Blessedness is the business of those believing in Christ. Our pastime is faith, our proclivity is hope, our passion is love.
But how does that translate in common fatherhood? For me, it pivots around being present, which seems easier than it is in a world full of distractions. I’d love a blessing for every time I’ve failed to be present, but of course life (and God) doesn’t work that way. I’d love it if all those temptations into distraction proved of value, but of course they don’t.
The fact is we’re only rewarded with the sweet Presence of God as we slow down for sweet moments where we’re present in life, especially as we congregate with those we love.
On a common-enough Friday morning, my wife having left for work, which means it’s my day to manage household affairs and care for our son, I found myself in the backyard, absorbed by the imagination of our nearly four-year-old.
He stands atop a sawn-off tree stump and spies through a paper roll telescope at the land over yonder. You can see miles through this thing! He tucks his telescope into his shirt and he’s off. He climbs the ladder on the slide and spies over the fence into the neighbour’s yard, before I divert his attention to worthier pursuits.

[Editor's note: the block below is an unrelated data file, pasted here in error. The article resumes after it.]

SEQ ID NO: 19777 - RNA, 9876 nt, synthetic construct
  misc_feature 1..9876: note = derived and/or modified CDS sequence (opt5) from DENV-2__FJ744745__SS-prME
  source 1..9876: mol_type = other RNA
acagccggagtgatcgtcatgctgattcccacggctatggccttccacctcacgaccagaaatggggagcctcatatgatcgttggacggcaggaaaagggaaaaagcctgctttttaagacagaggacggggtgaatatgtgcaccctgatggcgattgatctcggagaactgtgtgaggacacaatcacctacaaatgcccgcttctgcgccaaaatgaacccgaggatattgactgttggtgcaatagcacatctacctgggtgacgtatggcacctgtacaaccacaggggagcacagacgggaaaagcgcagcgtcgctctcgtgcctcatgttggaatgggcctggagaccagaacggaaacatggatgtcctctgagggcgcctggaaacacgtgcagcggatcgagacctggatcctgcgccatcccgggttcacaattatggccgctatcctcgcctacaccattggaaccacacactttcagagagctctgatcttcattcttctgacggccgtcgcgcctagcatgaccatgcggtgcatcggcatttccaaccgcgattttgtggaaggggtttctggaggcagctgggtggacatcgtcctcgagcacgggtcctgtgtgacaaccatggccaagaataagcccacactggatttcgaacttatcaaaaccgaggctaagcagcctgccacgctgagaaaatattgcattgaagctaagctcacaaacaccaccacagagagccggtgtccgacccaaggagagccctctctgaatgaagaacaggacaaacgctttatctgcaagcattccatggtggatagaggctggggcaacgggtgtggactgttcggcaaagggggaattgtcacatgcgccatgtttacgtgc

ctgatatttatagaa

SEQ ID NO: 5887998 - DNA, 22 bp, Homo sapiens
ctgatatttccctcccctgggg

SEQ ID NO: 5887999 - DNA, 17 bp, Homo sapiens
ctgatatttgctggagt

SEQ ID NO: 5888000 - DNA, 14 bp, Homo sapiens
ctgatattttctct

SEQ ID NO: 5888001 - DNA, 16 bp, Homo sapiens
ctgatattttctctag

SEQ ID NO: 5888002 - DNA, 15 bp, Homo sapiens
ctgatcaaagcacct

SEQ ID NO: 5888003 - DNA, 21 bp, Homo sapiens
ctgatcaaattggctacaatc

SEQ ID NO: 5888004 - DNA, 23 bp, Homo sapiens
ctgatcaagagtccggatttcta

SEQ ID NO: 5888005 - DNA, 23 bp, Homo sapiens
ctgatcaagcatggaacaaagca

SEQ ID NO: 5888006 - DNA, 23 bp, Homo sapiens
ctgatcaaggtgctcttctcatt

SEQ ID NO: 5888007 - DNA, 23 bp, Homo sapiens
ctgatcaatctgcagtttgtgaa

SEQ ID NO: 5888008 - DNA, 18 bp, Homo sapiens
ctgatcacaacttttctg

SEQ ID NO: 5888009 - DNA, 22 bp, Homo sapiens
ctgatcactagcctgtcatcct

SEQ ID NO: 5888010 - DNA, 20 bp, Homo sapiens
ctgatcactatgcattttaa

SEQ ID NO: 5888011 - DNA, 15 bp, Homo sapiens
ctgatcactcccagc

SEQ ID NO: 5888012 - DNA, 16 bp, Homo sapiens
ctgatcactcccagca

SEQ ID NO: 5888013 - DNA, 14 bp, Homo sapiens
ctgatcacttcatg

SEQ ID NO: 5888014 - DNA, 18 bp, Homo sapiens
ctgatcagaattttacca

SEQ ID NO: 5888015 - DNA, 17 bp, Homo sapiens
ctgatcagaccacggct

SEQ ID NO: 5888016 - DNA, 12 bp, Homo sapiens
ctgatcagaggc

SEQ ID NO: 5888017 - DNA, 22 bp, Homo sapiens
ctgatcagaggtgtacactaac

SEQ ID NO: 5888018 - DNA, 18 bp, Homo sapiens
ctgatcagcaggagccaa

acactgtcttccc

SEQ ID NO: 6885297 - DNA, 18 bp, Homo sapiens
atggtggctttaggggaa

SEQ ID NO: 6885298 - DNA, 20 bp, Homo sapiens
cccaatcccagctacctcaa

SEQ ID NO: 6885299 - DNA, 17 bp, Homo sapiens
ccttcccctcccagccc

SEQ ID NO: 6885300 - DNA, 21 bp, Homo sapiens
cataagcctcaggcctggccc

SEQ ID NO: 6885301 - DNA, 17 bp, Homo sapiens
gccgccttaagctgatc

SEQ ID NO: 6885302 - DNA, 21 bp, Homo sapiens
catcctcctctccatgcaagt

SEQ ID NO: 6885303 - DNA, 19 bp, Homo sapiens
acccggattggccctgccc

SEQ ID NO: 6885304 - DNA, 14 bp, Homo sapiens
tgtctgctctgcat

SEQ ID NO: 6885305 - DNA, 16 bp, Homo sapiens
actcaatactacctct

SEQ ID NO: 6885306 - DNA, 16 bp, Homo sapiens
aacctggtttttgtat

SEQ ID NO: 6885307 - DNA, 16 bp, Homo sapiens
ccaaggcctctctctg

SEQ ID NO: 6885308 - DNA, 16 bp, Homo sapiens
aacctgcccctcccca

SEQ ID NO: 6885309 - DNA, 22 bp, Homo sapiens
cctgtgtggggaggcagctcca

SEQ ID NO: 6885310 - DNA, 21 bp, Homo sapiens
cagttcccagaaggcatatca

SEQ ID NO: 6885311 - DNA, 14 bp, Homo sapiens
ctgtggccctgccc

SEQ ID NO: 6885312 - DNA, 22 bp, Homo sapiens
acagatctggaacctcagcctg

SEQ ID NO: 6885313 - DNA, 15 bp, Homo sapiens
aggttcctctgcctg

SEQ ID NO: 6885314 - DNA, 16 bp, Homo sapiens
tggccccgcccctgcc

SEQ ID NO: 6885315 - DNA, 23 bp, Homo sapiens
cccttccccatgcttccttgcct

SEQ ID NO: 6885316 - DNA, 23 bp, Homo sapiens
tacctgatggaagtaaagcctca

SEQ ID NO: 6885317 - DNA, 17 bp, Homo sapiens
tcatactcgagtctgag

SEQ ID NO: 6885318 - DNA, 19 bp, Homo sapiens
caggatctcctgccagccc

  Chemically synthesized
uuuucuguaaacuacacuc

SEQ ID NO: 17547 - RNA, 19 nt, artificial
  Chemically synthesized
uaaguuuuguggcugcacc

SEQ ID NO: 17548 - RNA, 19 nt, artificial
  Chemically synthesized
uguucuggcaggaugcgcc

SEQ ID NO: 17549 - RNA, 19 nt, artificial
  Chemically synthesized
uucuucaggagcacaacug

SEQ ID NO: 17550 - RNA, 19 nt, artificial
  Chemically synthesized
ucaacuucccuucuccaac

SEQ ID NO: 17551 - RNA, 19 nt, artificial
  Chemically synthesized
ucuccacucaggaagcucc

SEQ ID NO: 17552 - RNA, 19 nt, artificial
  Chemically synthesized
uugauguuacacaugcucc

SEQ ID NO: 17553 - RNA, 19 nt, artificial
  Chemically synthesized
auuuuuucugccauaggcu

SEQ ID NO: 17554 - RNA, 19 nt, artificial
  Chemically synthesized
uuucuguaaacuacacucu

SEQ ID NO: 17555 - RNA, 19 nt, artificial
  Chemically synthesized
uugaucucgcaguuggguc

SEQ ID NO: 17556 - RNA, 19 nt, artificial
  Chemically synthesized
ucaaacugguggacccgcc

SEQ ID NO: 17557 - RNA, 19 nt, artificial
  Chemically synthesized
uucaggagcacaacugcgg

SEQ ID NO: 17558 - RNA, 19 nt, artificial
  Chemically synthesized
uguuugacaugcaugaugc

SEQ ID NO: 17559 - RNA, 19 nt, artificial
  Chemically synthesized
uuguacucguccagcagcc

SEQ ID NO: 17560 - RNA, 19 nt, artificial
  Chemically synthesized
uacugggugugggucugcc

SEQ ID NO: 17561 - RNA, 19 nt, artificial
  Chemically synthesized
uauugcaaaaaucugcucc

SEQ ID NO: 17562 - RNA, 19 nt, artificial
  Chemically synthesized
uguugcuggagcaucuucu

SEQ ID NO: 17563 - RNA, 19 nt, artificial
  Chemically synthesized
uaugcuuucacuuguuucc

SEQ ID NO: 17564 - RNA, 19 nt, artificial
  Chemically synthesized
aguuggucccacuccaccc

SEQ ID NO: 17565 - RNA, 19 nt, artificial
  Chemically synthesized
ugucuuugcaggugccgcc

Soon enough, he’s moved on to a game on the swing, where he runs up, having taken an on-your-mark-SET-GO approach, and flies through the air, his belly on the seat, nearly upending the swing more than once. (Dad decides to anchor it better!) He is, in fact, performing. Of course! What else?
The next activity takes place in the cubby house. 30-seconds of light relief, before the next idea springs from his mind. His Lightning McQueen (a Tonka truck) has to be refuelled and have its tyres pumped up. Then, he’s off, tearing through the backyard, taking tight turns, kicking up the dirt, just like the racing car reveller. Until Lightning McQueen is bogged in the dirt. We decide he’s to be winched out. I’m about to do it, when I hear, “I’ll do it, Dad.” The joy of seeing him take control of his play, watching him be responsible in discharging his cares.
Blessedness is achieved as quick as it takes to slow down. Darrell Bock says blessing rests on “one who is the object of grace and happy because of it.” Simply knowing we’re objects of grace, having received such undying favour, makes us bristle with joy.
Blessedness is close being a parent absorbed in our children’s lives.
Each moment in our children’s lives is an eternal glimpse into irretrievable memory. In years to come we will know we had these experiences, but our memory will betray us.
There is no time but the present.